Graphic design and art studio DR.ME has made a name for itself as not just an authority on contemporary collage artists, but as skilled and highly prolific practitioners of the medium, too. The studio’s latest project saw the duo create a publication entitled Strip, playing with ideas of sex, censorship and the possibilities of collage.
What is Strip?
Strip came about after a conversation around what defines our studio. Over the last eight years years we have became synonymous with creating collages using a technique in which we literally strip and combine images to make something new. This was the starting point for the series of work that makes up this publication, but we also wanted to explore mixed-media collage techniques, limiting ourselves to using imagery taken from vintage glamour magazines, vintage porn magazines, LGBT magazines and comic books—all a gentle nod to this idea of Strip. It was also influenced by the technique of détournement, in which images are a variation of the previous work, and where the newly created work has a meaning that is antithetical to the original.
Throughout the publication we have purposely censored any nudity, most if not all the images are sexual in content but everything has been censored in a variation of techniques over an array of body types, genders and sexual preferences to question societies attitude to sex and nudity: why is a male nipple ok on Instagram and yet a female nipple is not? Art history proves that the naked human form has always been a point of interest for artists but somewhere along the line we all became body shy, so in essence Strip is a tribute to the human form.
How did it begin? Where can we buy it?
In quite an inauspicious way (the best things always do). Grant who runs Duke’s messaged us through our shop simply saying he liked our work and asking if we would be interested in publishing something with his publishing arm. Initially it will be available from the Duke’s Distribution online shop but I’m sure there will be places for people to go and buy it physically.
“The naked human form has always been a point of interest for artists but somewhere along the line we all became body shy”
Tell us more about your collaboration with Duke’s.
It’s been a really great project to work on. Grant has been really encouraging all the way through the process. As we do design work as well as art work, it was interesting to be on the other side of the conversation—London-based design studio Our Place designed how the publication would look and sent it across. Initially there was a few things that we weren’t sure on; but then we thought about how frustrating it is as a designer to have your ideas questioned and so just decided to say “we trust you” and we’re incredibly happy with how everything looks. The only thing that we really wanted was to have a plastic sleeve covering the publication. This evolved into a screenprinted plastic cover which we had printed here in Manchester. So, it was initiated in Marseille (where Duke’s is based), artwork made in Manchester, designed in London.
You’re very fond of collage: after all, you set yourselves the task of making one a day for a year. What did you learn from that? Are you still making collages on a daily basis?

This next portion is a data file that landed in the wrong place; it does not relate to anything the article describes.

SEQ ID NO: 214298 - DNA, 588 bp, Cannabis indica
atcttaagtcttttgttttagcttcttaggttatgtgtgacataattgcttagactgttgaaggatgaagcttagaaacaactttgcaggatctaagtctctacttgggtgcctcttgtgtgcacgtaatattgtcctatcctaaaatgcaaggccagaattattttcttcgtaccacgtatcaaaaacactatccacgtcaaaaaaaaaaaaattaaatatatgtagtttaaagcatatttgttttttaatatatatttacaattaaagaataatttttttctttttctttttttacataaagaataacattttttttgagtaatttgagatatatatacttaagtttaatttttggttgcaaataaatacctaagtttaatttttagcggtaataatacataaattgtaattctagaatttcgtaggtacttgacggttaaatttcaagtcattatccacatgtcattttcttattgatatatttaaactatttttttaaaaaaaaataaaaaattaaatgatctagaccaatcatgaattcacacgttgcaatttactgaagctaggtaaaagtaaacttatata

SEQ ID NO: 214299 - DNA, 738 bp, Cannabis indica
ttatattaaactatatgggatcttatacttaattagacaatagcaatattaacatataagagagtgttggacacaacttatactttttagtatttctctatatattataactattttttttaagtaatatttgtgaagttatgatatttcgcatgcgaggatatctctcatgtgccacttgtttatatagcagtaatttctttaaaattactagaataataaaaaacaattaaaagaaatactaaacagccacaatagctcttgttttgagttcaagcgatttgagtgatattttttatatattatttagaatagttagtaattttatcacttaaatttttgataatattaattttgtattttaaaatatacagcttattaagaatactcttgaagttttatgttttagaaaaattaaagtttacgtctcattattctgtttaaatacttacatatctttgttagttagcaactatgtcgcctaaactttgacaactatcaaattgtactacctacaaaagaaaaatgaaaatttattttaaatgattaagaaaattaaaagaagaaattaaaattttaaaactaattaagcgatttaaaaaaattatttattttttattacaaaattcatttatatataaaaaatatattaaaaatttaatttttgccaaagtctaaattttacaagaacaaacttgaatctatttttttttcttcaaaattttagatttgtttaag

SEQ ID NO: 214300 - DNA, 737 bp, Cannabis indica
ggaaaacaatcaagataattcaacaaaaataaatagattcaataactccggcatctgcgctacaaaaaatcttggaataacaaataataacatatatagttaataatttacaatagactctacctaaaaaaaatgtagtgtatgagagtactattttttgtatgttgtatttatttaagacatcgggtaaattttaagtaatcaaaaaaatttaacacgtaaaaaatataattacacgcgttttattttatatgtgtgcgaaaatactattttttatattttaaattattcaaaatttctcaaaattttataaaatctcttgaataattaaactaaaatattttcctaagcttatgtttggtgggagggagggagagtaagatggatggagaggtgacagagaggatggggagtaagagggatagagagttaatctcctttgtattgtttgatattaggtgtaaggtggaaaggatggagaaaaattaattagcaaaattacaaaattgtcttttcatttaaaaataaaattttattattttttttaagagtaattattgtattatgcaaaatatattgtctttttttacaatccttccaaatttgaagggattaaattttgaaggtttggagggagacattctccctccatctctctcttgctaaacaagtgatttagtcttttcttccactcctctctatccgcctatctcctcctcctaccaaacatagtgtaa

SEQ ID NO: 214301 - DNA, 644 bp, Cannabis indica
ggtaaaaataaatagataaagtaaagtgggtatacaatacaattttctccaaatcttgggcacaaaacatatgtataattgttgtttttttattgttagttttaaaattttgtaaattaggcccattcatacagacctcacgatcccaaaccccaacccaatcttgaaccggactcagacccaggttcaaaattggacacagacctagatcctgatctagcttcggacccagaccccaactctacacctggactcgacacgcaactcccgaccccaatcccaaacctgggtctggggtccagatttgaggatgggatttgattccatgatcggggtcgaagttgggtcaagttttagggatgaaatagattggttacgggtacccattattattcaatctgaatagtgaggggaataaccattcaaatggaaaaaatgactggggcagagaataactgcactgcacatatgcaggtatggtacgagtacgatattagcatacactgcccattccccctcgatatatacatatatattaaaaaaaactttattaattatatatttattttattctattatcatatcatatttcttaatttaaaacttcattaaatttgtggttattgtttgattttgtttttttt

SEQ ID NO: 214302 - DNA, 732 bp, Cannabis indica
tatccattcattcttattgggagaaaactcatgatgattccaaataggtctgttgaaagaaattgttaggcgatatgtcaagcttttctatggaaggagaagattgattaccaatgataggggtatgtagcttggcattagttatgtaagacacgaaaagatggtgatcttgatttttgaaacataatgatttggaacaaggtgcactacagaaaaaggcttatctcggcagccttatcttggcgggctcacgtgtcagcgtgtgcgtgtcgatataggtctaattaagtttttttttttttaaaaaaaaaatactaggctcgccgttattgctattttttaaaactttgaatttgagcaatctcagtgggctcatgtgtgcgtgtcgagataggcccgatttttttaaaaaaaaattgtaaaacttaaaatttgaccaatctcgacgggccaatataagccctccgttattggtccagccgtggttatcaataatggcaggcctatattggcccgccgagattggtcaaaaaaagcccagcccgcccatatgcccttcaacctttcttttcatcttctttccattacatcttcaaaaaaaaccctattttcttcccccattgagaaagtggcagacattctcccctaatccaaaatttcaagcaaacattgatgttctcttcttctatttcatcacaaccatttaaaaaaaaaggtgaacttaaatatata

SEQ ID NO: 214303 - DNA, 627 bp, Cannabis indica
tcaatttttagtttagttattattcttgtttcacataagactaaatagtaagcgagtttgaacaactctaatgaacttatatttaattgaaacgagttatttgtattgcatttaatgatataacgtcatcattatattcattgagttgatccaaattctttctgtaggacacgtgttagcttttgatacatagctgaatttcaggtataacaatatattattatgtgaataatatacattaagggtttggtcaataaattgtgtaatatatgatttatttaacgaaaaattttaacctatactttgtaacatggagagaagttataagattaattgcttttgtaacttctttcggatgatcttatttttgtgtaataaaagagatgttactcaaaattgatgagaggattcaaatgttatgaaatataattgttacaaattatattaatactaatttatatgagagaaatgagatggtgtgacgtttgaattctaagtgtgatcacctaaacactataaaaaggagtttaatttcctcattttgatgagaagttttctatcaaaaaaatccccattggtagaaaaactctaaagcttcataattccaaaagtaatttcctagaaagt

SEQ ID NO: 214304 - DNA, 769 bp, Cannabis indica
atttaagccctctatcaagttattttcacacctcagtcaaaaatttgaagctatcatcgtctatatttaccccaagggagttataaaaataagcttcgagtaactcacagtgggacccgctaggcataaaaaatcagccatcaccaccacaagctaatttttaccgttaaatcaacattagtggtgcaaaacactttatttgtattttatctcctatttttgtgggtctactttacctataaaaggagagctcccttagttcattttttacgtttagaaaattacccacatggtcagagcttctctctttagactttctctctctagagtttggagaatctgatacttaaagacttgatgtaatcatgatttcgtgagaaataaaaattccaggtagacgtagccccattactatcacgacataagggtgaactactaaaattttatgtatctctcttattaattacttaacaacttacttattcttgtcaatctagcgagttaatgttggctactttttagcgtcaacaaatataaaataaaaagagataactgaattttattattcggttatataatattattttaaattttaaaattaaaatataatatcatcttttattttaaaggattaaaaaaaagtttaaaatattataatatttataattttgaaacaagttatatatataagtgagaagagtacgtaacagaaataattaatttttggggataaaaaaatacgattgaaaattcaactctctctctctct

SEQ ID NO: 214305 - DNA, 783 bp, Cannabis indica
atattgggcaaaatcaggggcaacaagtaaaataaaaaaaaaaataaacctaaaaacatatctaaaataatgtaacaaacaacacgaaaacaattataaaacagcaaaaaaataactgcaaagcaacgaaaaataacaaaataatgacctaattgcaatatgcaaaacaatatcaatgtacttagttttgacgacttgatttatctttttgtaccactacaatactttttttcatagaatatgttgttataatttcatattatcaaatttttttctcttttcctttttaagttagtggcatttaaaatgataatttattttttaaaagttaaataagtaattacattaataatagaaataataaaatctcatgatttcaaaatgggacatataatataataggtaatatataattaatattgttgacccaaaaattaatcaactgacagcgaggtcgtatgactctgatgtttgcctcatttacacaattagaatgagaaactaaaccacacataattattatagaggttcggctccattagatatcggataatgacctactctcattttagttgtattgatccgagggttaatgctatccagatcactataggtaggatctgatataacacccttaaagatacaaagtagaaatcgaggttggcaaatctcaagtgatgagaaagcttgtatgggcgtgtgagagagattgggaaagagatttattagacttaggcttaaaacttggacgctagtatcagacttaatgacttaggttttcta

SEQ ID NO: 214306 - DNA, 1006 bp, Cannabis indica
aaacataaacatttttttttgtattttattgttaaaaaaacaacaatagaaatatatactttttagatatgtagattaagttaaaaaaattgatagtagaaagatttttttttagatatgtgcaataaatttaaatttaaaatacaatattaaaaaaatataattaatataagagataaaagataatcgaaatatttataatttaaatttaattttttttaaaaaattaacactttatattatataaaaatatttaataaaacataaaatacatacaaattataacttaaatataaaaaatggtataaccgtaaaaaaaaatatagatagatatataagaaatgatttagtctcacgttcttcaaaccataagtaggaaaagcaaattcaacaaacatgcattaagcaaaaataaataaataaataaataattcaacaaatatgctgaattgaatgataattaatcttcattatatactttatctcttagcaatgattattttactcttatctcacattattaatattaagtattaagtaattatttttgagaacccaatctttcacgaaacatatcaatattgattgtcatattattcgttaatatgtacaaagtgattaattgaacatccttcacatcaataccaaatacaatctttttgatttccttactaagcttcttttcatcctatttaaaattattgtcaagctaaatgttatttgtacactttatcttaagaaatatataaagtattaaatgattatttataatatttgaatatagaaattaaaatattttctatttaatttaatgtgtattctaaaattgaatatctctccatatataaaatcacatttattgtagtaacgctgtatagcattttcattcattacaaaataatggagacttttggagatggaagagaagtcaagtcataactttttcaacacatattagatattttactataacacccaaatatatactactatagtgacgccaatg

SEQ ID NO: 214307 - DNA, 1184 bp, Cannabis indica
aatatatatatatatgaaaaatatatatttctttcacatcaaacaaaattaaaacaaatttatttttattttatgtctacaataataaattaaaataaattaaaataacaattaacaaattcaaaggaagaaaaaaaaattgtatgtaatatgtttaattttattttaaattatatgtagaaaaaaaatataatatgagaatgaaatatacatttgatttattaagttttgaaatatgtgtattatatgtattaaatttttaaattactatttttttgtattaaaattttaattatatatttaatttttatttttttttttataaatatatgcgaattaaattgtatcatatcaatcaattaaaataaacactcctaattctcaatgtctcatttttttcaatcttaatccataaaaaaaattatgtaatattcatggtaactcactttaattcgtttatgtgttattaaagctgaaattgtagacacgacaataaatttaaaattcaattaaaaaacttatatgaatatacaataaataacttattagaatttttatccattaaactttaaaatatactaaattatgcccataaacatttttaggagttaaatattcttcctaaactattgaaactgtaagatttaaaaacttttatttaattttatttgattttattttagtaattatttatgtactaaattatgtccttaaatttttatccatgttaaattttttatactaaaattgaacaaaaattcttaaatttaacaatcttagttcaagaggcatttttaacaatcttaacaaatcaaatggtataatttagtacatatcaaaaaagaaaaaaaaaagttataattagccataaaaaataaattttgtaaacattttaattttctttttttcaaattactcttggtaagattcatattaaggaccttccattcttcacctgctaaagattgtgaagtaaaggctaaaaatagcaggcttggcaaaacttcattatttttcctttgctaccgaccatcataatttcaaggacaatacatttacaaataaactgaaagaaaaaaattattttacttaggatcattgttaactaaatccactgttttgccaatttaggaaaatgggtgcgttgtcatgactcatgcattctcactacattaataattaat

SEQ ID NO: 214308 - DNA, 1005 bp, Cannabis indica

That was a real challenge that taught us to be disciplined. It’s one thing to create something every day if you don’t have much on your plate but when you have two deadlines for that day and you haven’t got any ideas for what you might make, then it really pushes you to be quite instinctive and trust in your own eye. Our practice has always been based around being quite prolific: although we maybe don’t create a finished collage piece every single day of the year, we will often create a number of new pieces over a relatively short period of time, which in itself has evolved into us creating a monthly online digital PDFZine which is comprised of killed, rejected, forgotten or sketch work which is mostly collage-based. We release it for free, limited to 100 downloads for people to PIY (Print It Yourself). So in a way we are still carrying on in the same spirit as our year-long collage project with this project.
You’re responsible for the excellent book Cut That Out too. You worked with a lot of interesting studios and creatives on that. What was the best part of that project? Any regrets?
Thanks! There have been a few great parts to the project. The initial process of contacting people when we were getting going was very exciting, getting the box with the first copies in from the publishers was a cool moment, seeing it in amazing bookshops around the world is also still something that gives us an amazing amount of pride. No real regrets. As it was a couple of years ago there are people that we feel that we missed out now who should have been in it but that will always happen and is the nature of print—it’s a snapshot of a certain time!
“We thought about how frustrating it is as a designer to have your ideas questioned and so just decided to say ‘we trust you'”
You have a great studio name. How do you pronounce it again? What’s the best misunderstanding it’s given rise to?
DR.ME is pronounced “Doctor” and “Me”; it’s a mis-ordered acronym of our initials (Ryan Doyle and Mark Edwards). We wanted something personal that represented us both equally. So many mispronunciations! They probably stem from the fact that our Instagram/Twitter handle can’t have a dot in it so it’s just @DRME_Studio so people just read it as “DRME”, giving rise to a lot of “dreamy”, “drome”, “durrme”, and then loads of different ways of writing it down: dr.Me, Dr.Me, dr-me, DR me, dr ME, etc. etc. etc. We’ve even got how to pronounce it and write it on our business card now (although that’s for fun).